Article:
Seized fish are typically donated to local food banks.

Washington Coast Bottomfish, Lingcod Angling Opens March 9 With Good News


Washington state’s fishing seasons for coastal bottomfish and lingcod will open March 9 under new rules that reflect stronger growth in two rockfish species in recent years.


State fishery managers say those rules will provide new fishing opportunities for rockfish, Pacific cod, whiting, sole, lingcod, cabazon, and more than a dozen other bottomfish species in ocean waters.

Anglers can catch up to nine bottomfish per day – including up to seven rockfish, two lingcod, and one cabezon – plus three additional flat fish, under rules adopted by the National Marine Fisheries Service (NMFS) and the Washington Department of Fish and Wildlife (WDFW) for the upcoming season.

Heather Hall, WDFW coastal policy coordinator, outlined several changes since last year that will provide new fishing opportunities for bottomfish anglers:

  • Fewer depth restrictions: In coastal areas where depth restrictions are in place, anglers will have about one extra month to fish in deeper waters. This is largely due to a higher federal incidental catch limit for yelloweye rockfish, which are rebounding more quickly than expected.
  • Canary rockfish: Anglers can now retain up to seven canary rockfish a day, up from two in previous years. This species is now considered healthy after a 19-year federal rebuilding process, so the previous species-specific sublimit is no longer necessary.
  • Cabazon: The size limit for this species has been removed on the north coast in Marine Area 4 (west of Bonilla-Tatoosh), and the daily limit in all coastal marine areas will be one per day.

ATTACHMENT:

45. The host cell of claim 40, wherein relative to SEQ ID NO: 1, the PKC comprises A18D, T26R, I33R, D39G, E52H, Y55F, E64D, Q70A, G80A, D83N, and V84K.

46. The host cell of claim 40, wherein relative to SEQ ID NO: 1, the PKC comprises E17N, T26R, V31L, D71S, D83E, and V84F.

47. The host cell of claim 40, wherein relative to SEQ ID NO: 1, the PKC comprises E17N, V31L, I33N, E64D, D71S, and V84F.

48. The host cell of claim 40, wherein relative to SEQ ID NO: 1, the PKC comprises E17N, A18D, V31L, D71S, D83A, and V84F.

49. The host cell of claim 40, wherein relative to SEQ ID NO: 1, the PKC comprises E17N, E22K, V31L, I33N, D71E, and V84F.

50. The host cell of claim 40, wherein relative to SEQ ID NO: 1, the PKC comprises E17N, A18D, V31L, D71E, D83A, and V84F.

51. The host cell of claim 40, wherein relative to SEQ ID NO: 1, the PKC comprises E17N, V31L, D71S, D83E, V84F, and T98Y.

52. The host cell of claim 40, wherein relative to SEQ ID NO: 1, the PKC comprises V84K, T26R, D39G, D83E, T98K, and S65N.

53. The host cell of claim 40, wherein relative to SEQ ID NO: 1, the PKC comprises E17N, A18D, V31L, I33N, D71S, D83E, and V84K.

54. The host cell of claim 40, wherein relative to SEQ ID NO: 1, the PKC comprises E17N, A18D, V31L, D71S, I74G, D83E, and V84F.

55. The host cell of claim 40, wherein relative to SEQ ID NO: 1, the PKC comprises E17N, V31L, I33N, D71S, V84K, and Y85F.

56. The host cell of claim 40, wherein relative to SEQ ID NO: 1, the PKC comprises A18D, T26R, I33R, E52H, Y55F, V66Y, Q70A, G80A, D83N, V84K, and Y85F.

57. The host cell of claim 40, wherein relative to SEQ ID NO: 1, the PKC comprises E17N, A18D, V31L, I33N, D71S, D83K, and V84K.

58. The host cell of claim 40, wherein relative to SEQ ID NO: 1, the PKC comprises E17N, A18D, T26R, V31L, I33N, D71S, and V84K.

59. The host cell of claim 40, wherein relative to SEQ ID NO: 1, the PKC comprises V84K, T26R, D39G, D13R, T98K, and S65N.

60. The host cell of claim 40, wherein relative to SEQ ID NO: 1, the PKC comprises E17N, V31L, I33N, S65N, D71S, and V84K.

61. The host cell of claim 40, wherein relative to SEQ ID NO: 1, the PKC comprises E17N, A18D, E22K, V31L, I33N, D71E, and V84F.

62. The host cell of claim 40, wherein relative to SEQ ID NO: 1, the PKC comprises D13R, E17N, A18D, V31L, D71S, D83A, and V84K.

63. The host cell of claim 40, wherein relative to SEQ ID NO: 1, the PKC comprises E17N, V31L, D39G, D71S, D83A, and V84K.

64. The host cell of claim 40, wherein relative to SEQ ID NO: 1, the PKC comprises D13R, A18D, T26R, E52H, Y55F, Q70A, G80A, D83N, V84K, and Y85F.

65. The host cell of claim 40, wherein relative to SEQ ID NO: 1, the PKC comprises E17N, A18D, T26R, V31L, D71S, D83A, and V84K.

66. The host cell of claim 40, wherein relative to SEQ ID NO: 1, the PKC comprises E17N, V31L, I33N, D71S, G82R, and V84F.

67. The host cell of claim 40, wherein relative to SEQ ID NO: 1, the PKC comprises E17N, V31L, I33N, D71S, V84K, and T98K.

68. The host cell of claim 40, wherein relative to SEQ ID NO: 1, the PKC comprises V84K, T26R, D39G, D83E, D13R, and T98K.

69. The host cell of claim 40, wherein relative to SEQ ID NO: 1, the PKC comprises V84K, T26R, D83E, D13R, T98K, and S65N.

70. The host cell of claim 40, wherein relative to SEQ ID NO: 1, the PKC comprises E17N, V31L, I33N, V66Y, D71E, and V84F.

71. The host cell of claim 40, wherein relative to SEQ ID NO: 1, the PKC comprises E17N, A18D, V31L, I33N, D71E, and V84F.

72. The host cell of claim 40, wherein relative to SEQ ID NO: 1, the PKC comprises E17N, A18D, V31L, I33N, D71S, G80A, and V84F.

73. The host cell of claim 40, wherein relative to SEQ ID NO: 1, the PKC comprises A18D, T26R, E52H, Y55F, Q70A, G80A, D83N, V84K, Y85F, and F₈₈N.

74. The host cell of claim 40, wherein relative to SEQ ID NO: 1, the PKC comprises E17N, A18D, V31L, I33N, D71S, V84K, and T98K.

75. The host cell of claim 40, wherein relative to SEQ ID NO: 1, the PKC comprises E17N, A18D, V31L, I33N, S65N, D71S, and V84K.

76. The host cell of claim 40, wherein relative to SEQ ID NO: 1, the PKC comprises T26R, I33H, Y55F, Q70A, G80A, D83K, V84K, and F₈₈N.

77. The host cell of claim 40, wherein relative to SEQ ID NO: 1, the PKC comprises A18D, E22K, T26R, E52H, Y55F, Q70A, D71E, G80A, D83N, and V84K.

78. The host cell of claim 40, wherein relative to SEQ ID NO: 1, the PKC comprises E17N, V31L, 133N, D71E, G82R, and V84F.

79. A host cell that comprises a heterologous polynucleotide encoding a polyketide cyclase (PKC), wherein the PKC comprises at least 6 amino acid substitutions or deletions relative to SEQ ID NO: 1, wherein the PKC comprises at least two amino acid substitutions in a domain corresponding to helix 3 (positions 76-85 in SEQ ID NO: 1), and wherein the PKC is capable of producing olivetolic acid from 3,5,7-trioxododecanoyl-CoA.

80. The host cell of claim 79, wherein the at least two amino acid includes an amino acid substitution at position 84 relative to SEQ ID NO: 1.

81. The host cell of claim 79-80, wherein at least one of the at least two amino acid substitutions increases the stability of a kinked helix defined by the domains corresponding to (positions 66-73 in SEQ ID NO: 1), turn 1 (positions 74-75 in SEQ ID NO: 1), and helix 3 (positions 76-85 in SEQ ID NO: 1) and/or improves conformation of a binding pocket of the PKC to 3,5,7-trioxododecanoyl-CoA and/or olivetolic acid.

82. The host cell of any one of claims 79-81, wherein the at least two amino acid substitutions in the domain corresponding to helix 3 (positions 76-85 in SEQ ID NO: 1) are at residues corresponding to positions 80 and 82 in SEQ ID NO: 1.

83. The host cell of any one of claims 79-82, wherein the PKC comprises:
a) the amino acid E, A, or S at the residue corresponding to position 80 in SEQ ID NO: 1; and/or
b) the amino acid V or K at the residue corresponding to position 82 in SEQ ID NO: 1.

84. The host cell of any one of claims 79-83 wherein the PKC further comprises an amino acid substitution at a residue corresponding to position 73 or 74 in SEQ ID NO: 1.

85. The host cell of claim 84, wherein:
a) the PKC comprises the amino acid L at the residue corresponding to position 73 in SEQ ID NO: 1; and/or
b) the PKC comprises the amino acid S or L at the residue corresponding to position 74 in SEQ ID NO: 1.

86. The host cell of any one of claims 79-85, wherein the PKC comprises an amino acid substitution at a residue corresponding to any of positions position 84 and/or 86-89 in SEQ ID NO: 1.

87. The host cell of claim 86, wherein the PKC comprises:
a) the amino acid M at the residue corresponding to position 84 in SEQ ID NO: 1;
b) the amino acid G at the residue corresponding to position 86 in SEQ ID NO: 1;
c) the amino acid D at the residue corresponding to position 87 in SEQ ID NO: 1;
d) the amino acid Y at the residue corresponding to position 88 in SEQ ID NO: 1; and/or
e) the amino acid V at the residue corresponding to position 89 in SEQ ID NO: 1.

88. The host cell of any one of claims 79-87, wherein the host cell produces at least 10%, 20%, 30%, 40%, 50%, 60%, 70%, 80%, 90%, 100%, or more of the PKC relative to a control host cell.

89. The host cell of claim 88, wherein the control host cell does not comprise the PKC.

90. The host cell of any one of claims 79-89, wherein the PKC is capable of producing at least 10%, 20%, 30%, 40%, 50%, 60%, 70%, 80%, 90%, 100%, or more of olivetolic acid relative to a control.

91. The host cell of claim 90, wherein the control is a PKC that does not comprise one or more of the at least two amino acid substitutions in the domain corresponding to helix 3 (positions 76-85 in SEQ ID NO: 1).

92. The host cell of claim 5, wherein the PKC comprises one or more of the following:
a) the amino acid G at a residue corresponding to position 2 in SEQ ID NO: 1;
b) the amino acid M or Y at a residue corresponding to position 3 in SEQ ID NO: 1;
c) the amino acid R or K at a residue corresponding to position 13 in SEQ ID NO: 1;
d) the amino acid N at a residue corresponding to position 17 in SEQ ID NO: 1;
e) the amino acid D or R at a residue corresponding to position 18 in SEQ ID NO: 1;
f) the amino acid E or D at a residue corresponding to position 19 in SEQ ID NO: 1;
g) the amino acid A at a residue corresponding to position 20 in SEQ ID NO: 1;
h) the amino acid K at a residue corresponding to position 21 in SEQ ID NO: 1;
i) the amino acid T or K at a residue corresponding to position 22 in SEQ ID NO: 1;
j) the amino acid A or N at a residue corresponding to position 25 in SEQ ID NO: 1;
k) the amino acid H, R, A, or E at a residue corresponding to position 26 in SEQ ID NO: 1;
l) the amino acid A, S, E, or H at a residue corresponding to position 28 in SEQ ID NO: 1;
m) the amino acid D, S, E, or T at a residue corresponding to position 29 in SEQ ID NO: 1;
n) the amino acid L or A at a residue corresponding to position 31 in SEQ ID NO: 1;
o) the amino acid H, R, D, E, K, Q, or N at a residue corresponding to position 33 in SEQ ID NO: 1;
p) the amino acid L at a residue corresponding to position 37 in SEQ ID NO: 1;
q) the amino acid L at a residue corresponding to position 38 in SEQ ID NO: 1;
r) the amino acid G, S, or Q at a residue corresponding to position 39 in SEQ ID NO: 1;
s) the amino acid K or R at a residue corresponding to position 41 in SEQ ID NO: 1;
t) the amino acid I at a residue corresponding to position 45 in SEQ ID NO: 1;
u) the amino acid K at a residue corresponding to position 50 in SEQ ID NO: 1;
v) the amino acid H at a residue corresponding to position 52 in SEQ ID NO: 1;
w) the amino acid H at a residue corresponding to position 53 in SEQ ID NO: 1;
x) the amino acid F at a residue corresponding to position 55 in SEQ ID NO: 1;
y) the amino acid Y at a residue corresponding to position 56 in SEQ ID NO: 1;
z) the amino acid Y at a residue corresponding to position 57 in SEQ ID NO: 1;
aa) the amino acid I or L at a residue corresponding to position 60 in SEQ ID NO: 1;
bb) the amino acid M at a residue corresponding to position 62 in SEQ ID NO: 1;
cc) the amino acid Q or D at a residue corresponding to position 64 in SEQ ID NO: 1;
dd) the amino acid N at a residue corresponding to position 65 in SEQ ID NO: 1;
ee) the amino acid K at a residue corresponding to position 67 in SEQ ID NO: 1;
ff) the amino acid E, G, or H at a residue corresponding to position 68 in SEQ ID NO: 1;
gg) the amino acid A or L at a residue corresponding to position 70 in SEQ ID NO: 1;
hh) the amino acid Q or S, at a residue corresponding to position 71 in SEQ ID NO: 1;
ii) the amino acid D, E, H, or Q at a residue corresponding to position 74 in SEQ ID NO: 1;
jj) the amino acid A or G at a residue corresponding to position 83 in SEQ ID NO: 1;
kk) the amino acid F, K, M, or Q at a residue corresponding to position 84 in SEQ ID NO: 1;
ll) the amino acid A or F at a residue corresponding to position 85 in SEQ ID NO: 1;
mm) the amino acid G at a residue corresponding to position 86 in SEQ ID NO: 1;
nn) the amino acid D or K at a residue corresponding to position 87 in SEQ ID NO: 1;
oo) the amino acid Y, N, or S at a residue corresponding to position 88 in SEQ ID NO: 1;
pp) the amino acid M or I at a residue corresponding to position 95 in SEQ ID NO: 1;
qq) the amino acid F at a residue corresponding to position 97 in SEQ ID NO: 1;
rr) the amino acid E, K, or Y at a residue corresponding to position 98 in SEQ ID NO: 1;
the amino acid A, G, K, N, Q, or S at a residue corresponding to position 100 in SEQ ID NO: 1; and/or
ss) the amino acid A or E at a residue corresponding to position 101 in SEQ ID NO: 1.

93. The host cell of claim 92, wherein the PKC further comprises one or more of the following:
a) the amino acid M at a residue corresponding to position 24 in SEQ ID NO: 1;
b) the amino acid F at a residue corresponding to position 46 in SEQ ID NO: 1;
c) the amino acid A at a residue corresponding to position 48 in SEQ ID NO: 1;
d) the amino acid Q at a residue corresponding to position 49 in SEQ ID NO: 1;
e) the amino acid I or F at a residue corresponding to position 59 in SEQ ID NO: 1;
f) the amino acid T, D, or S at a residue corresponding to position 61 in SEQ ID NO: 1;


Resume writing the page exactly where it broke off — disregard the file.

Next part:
Of these measures, Hall said none will boost fishing opportunities more than a decision made last December by the Pacific Fishery Management Council to increase the sport fishery’s incidental catch limit for yelloweye rockfish. The new limit is 17,196 pounds, compared to 7,275 pounds last year.

That action was based on a stock assessment conducted by the NMFS that showed that the yelloweye population is growing faster than previously estimated.

“This is the biggest increase in the incidental catch limit since the council began its rebuilding plan 17 years ago,” Hall said. “Not only is the stock more productive than previously thought, but the rebuilding process benefited from action taken by anglers to use descending devices and improve the survivability of rockfish that must be released.”

Because yelloweye rockfish are still the focus of a federal rebuilding plan, anglers must release any of those fish they intercept, Hall said. However, year’s higher allowable incidental catch limit will increase fishing opportunities for other bottomfish in deepwater areas.

New fishing rules approved for the coming season vary by area from north to south:

  • Marine Area 4 (west of Bonilla-Tatoosh line): The higher yelloweye rockfish limit will allow WDFW to open the lingcod season March 9 – consistent with other coastal marine areas and a month earlier than last year.